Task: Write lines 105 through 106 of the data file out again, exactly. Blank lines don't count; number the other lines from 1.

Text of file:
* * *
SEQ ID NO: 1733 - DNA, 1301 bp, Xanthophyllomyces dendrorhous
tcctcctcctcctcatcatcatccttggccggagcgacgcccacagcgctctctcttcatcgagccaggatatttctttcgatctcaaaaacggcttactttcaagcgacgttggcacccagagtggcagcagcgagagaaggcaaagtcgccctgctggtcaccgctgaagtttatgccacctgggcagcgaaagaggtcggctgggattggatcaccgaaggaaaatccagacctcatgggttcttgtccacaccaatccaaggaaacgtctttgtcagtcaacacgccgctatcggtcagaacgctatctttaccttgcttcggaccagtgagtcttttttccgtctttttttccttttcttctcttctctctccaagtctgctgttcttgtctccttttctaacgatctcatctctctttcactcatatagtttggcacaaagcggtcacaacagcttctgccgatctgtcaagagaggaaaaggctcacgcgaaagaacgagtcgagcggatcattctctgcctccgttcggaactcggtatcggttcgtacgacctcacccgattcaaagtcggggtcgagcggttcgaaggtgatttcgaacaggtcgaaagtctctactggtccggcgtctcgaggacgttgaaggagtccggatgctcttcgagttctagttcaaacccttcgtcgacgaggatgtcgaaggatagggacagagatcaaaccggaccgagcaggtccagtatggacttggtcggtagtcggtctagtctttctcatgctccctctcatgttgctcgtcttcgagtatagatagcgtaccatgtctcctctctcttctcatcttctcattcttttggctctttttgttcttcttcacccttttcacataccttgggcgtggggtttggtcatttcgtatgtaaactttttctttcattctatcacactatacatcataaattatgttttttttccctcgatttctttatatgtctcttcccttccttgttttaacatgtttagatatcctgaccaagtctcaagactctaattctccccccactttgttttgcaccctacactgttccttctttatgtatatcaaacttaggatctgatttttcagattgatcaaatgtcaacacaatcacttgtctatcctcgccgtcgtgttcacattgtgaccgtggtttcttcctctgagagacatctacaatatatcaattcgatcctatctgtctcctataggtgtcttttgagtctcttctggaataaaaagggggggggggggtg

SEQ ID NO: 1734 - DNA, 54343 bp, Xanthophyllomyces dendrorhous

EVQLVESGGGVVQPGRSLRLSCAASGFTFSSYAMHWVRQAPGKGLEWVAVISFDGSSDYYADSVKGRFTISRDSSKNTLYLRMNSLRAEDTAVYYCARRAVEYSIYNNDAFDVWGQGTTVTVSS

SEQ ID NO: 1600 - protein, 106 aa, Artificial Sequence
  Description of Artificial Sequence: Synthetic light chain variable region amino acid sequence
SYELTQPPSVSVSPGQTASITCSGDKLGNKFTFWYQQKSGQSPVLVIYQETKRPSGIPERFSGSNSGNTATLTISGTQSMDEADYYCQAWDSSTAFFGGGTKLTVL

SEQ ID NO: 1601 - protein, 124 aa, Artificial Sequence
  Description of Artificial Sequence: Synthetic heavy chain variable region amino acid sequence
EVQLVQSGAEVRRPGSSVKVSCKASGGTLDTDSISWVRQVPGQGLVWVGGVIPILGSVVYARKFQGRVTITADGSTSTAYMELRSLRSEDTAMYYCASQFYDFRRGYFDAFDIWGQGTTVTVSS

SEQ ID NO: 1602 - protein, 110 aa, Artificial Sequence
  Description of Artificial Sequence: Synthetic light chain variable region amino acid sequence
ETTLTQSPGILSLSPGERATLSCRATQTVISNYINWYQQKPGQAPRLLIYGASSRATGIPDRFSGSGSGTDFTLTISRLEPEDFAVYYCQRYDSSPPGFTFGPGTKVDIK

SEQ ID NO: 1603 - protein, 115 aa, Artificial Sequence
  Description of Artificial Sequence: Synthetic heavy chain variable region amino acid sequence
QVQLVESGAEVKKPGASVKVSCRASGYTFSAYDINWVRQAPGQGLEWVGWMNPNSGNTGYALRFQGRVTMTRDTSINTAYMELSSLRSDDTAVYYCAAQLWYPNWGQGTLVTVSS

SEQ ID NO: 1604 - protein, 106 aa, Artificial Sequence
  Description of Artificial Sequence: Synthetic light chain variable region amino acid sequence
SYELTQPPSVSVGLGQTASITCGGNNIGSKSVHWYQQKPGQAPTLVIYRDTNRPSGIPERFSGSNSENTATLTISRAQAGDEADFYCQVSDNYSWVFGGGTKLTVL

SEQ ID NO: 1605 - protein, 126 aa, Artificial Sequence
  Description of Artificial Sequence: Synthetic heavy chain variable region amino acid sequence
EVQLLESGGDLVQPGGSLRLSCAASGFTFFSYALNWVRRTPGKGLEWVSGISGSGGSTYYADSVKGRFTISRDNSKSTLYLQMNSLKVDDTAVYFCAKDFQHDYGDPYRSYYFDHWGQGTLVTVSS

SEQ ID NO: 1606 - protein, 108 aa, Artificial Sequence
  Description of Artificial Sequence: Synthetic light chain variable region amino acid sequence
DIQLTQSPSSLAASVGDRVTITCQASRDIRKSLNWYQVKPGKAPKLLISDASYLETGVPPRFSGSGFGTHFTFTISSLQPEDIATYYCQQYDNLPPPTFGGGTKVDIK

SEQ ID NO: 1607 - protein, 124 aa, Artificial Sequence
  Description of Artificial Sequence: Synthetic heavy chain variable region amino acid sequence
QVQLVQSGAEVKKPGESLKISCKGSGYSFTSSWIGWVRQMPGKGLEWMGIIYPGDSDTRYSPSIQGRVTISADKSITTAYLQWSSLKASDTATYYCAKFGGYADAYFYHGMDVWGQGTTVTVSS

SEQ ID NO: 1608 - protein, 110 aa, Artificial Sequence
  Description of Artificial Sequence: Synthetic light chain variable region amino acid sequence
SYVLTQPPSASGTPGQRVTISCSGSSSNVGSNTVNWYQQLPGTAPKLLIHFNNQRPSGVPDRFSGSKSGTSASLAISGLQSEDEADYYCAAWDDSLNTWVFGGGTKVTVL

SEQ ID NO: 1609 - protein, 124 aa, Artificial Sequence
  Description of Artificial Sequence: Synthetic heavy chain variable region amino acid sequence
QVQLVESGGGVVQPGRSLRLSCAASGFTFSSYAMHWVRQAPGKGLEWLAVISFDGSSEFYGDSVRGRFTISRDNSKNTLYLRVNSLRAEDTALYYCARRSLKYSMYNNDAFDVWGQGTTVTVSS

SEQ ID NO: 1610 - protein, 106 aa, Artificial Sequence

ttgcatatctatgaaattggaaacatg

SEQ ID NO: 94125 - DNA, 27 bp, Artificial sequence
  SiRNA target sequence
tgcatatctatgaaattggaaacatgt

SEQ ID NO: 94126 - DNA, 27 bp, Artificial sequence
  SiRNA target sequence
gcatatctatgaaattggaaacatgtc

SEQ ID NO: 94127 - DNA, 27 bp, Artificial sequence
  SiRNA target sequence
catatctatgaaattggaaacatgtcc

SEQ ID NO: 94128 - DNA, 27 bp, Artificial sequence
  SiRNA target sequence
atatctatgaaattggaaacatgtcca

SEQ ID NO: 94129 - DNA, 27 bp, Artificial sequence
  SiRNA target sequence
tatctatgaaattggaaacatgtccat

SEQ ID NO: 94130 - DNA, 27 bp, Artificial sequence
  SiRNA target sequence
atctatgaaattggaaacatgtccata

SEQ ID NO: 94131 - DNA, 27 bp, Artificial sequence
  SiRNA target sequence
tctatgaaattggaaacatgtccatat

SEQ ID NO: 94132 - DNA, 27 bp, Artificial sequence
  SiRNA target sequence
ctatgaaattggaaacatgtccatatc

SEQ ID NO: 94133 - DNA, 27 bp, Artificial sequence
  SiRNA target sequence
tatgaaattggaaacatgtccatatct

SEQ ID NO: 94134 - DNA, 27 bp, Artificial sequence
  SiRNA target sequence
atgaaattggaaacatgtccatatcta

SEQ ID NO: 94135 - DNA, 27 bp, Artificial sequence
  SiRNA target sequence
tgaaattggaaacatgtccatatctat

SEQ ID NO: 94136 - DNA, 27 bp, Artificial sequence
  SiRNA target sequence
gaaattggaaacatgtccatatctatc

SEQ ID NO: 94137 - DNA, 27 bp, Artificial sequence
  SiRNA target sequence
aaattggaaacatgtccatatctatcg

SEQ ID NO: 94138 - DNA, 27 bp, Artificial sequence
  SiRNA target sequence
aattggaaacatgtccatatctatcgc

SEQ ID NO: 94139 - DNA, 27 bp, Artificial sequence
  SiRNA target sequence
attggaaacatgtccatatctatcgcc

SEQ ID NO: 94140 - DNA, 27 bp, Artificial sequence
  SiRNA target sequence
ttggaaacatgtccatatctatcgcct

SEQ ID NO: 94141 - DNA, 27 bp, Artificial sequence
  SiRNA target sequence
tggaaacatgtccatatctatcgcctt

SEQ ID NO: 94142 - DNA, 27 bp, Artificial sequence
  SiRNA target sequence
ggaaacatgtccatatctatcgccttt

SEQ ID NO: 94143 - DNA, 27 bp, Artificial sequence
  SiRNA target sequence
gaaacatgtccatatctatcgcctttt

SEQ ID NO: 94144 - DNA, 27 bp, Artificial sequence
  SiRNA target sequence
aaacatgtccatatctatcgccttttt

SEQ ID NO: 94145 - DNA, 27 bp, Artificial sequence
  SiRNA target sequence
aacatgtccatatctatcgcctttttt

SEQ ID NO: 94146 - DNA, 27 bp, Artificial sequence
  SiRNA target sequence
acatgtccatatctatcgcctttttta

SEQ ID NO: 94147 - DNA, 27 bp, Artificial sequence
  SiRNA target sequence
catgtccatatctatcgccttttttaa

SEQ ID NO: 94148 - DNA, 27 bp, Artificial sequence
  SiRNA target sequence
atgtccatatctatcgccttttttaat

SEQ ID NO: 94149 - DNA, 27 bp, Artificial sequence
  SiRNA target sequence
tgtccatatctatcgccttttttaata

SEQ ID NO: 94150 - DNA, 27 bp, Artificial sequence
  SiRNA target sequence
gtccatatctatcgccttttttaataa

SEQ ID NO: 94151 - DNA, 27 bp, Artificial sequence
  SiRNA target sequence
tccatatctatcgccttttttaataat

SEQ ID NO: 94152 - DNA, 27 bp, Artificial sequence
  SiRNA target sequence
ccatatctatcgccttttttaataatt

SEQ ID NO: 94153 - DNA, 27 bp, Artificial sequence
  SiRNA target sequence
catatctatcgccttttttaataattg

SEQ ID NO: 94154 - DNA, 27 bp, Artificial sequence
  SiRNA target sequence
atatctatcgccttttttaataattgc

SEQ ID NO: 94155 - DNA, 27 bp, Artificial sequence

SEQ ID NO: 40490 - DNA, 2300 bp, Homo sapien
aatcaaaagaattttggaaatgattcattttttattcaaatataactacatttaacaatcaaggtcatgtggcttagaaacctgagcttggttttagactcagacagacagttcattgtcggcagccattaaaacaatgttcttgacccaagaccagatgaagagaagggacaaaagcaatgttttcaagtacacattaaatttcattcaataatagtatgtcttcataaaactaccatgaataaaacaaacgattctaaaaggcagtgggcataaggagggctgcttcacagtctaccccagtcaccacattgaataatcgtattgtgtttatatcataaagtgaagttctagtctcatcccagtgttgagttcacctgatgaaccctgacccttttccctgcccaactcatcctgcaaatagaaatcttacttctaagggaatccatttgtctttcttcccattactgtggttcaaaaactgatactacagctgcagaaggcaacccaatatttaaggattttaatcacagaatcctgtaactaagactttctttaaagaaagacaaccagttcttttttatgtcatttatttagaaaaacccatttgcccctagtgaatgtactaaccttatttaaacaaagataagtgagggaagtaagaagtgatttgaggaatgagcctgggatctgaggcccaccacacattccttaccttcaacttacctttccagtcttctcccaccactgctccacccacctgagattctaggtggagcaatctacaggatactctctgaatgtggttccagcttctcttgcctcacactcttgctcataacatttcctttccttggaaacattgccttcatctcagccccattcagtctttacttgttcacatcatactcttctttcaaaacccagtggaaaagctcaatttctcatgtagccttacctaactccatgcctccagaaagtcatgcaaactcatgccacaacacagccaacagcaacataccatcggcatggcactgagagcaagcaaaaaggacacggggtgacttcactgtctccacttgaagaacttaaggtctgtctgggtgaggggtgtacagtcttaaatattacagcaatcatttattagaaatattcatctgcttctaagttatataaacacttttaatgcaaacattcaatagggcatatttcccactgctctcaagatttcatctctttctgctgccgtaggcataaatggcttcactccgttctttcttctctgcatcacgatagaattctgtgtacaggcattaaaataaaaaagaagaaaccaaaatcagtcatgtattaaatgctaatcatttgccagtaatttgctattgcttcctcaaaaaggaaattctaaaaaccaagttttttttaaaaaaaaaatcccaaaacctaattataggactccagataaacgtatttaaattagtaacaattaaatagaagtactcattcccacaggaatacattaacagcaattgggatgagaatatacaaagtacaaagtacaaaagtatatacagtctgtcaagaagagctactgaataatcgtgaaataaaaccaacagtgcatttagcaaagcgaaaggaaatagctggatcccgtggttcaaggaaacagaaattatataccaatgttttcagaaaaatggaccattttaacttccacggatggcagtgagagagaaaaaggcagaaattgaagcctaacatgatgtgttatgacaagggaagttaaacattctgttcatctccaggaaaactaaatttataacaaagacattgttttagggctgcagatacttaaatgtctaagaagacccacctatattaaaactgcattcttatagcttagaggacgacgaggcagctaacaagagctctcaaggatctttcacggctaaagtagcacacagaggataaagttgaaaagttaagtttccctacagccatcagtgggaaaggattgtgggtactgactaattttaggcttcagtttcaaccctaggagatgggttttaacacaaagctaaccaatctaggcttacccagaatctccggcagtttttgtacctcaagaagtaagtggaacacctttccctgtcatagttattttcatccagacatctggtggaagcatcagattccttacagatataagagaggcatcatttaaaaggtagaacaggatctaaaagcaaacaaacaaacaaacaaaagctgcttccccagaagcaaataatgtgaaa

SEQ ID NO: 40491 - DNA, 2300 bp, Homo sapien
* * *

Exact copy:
catgtccatatctatcgccttttttaa

SEQ ID NO: 94148 - DNA, 27 bp, Artificial sequence